Trying to decide what to include on your CV can be difficult. You need to demonstrate the appropriate skills and experience to a potential employer to convince them you are the right person for the job.
To do that, you need to give suitable information but in limited space, so not to overwhelm the employer with information. Granted, there is no specific way to write a CV but if you include these 10 essential things on your CV, we don’t think you can go wrong:
1) Details, Details, Details
We’ve listed contact details at number one on our list, as we regard them as being the most important thing to include. Ensure that you include your full name, full address, phone numbers and email addresses and ensure they are up-to-date before submitting a CV.
2) Email Address
It’s a good idea when applying for jobs to create a suitable email address. Stay away from personal email addresses with nicknames, silly words or bad language. Something basic, such as your name; this will demonstrate to a potential employer that you have a professional attitude.
3) Mind The Gap
Job longevity is something all recruiters look at, it’s important to demonstrate why there is a gap in your work history, for instance if you started a course but didn’t get the opportunity to complete it, pop this down on your CV, so employers can see that you have been productive during this period. Also don’t forget to state the dates you were employed at a particular job to demonstrate your job longevity.
Putting your date of birth on your application isn’t essential, but knowing your age makes it easier for a potential employer to access and understand your work history and experience.
5) Career History
Try to include as much as your employment history as possible on your CV, without making it too lengthy. The essential things to include are your job title, the company’s name, the dates which you were employed and a list of key responsibilities and achievements which you gained from the role. Try not to miss out any jobs that didn’t work out, as potential employers will notice and question gaps in your work history.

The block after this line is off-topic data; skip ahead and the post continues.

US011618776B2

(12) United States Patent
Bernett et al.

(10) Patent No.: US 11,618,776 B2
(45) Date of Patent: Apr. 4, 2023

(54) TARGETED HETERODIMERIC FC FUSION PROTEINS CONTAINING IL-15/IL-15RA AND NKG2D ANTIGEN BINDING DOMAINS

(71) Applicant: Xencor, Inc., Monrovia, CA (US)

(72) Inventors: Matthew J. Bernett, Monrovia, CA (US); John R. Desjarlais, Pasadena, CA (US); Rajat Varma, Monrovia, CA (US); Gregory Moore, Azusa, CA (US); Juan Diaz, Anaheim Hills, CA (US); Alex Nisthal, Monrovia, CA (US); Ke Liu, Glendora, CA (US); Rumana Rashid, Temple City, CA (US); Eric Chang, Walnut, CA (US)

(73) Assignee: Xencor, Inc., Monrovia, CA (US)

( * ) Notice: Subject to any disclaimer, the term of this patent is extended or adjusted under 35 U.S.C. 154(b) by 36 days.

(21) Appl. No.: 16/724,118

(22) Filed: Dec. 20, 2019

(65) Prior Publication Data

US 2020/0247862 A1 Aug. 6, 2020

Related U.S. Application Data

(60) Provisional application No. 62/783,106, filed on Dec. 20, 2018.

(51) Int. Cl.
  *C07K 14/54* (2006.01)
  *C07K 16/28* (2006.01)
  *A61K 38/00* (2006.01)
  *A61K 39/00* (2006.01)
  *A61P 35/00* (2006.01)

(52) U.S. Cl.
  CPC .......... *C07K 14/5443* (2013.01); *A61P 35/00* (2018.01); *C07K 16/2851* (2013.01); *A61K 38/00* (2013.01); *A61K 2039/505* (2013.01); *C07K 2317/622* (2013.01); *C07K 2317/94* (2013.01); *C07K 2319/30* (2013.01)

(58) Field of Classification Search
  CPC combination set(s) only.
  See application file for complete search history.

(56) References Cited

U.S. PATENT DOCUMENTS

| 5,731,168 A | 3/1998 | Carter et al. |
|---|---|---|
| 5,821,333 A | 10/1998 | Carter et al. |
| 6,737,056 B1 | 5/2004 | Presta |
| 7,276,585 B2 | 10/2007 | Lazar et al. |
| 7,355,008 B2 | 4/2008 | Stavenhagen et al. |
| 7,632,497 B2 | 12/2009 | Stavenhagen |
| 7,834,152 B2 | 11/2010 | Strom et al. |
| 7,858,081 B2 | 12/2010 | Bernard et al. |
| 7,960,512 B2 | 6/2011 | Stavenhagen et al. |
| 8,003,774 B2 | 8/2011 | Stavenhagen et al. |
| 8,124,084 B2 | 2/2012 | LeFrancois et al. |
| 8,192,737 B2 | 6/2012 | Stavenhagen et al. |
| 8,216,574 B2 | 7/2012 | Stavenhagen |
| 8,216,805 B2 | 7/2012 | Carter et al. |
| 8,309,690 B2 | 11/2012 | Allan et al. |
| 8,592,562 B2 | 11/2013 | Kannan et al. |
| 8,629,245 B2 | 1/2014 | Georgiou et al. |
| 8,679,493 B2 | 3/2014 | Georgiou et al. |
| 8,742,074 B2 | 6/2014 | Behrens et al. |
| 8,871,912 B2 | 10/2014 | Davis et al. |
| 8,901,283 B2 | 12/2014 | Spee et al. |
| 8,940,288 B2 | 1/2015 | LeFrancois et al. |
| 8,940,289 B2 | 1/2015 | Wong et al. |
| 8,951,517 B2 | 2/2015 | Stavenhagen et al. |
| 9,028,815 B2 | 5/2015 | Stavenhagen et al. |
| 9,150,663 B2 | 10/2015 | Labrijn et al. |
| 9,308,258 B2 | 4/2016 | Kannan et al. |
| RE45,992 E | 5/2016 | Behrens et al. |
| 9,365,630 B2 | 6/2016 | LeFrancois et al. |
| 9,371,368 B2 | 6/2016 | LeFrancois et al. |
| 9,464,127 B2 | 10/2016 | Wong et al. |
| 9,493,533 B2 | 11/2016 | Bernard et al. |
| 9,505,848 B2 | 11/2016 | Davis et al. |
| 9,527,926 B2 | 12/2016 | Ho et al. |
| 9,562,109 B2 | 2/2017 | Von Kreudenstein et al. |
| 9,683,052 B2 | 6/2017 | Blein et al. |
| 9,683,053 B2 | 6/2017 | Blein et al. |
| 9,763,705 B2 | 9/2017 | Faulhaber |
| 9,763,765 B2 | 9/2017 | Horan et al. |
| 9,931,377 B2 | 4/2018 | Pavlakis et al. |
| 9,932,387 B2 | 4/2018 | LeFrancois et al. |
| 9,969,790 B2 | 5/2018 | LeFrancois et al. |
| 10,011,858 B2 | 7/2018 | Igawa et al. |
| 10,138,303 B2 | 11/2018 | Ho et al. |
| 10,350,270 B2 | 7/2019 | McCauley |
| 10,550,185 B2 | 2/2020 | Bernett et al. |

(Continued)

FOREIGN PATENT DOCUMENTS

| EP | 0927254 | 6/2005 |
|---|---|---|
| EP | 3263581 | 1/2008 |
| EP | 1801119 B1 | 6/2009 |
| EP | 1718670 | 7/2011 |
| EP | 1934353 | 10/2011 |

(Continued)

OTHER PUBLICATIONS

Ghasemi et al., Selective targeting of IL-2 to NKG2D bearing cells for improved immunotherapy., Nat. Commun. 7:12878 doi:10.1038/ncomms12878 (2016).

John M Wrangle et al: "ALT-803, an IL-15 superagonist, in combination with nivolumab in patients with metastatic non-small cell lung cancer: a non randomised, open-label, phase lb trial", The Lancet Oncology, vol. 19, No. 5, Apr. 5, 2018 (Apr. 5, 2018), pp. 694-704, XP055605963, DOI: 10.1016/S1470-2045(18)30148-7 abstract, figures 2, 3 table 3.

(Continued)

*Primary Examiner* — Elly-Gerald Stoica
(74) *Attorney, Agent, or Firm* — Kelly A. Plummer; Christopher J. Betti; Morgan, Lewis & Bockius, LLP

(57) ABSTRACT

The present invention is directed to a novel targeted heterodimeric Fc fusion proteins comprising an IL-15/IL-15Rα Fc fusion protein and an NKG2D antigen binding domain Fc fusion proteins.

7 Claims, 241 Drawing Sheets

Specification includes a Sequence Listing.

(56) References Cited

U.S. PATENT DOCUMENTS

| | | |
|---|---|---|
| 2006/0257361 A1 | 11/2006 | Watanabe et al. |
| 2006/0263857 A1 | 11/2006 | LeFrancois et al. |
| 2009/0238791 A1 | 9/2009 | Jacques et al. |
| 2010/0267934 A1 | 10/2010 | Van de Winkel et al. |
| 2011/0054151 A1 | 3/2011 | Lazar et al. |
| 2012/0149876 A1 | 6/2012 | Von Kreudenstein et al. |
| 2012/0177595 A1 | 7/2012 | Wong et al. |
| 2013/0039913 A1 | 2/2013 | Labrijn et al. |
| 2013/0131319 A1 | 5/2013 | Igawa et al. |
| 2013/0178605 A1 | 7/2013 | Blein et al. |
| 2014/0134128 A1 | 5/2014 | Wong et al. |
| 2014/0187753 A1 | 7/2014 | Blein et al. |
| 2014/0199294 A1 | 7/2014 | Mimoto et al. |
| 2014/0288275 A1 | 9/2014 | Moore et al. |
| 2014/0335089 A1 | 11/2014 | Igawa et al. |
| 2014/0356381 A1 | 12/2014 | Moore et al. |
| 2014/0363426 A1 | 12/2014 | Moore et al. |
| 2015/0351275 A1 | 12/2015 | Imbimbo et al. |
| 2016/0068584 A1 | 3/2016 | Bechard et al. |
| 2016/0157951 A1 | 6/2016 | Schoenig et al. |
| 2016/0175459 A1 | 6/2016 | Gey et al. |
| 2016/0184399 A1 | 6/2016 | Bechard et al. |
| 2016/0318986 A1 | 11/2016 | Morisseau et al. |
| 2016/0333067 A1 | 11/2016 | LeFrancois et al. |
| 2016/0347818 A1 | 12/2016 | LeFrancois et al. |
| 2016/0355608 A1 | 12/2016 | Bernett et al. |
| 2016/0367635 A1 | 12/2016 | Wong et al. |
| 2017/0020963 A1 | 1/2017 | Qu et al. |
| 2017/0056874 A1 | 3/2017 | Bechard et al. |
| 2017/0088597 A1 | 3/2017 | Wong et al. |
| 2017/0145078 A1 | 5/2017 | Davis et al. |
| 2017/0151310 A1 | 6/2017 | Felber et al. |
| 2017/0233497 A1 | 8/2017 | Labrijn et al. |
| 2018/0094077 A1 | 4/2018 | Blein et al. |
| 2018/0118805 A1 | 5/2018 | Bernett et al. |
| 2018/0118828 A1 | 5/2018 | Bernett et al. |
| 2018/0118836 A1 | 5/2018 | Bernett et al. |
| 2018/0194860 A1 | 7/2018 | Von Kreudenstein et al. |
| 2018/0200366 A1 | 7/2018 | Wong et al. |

6) Qualifications & Skills
Don’t just list the qualifications which you accomplished in school or college, also include any training which you completed in and outside of the workplace, this will demonstrate to an employer that you are willing to improve your skills and therefore their business. There are plenty of skills which we develop both in and outside of the workplace, ensuring that you include these on your CV is vital. However make sure that you keep them relevant and find the right balance of having too little and too many. Remember to list your qualifications chronologically, with the most recent first.
7) Inject Some Personality
Along with a covering letter, a CV is usually the first point of contact with a potential employer; therefore it is important to demonstrate who you are as a person. You can do this while writing your personal statement, as this is a chance to sell your skills and personality. While including any hobbies and interests, make sure you only include ones which are relevant to the role and don’t go overboard with irrelevant information.
8) Drive Your Way To Success
If you hold a full driving licence and have your own vehicle, include this in your application. This can give you an advantage over other candidates if the role which you’ve applied for involves traveling or is in a rural location.
Granted, listing your references may not be on your list of priorities when composing a CV, but if you have some referee’s, remember to include their contact details. If you struggle to fit them in, remember to include ‘references available on request’ at the end of your application, so that the employer is aware that it is possible to contact a referee if your application is put forward.
The layout of your CV will contribute to the first impression that an employer has of you. Remember to ensure your CV looks clean and tidy, format your text in a font and size which is easy to read, use bullet points to break up any large amounts of text and don’t be afraid to have some white space on your CV; sometimes less can be more. Last but no means least, remember to spell check your CV before you go for that next job role.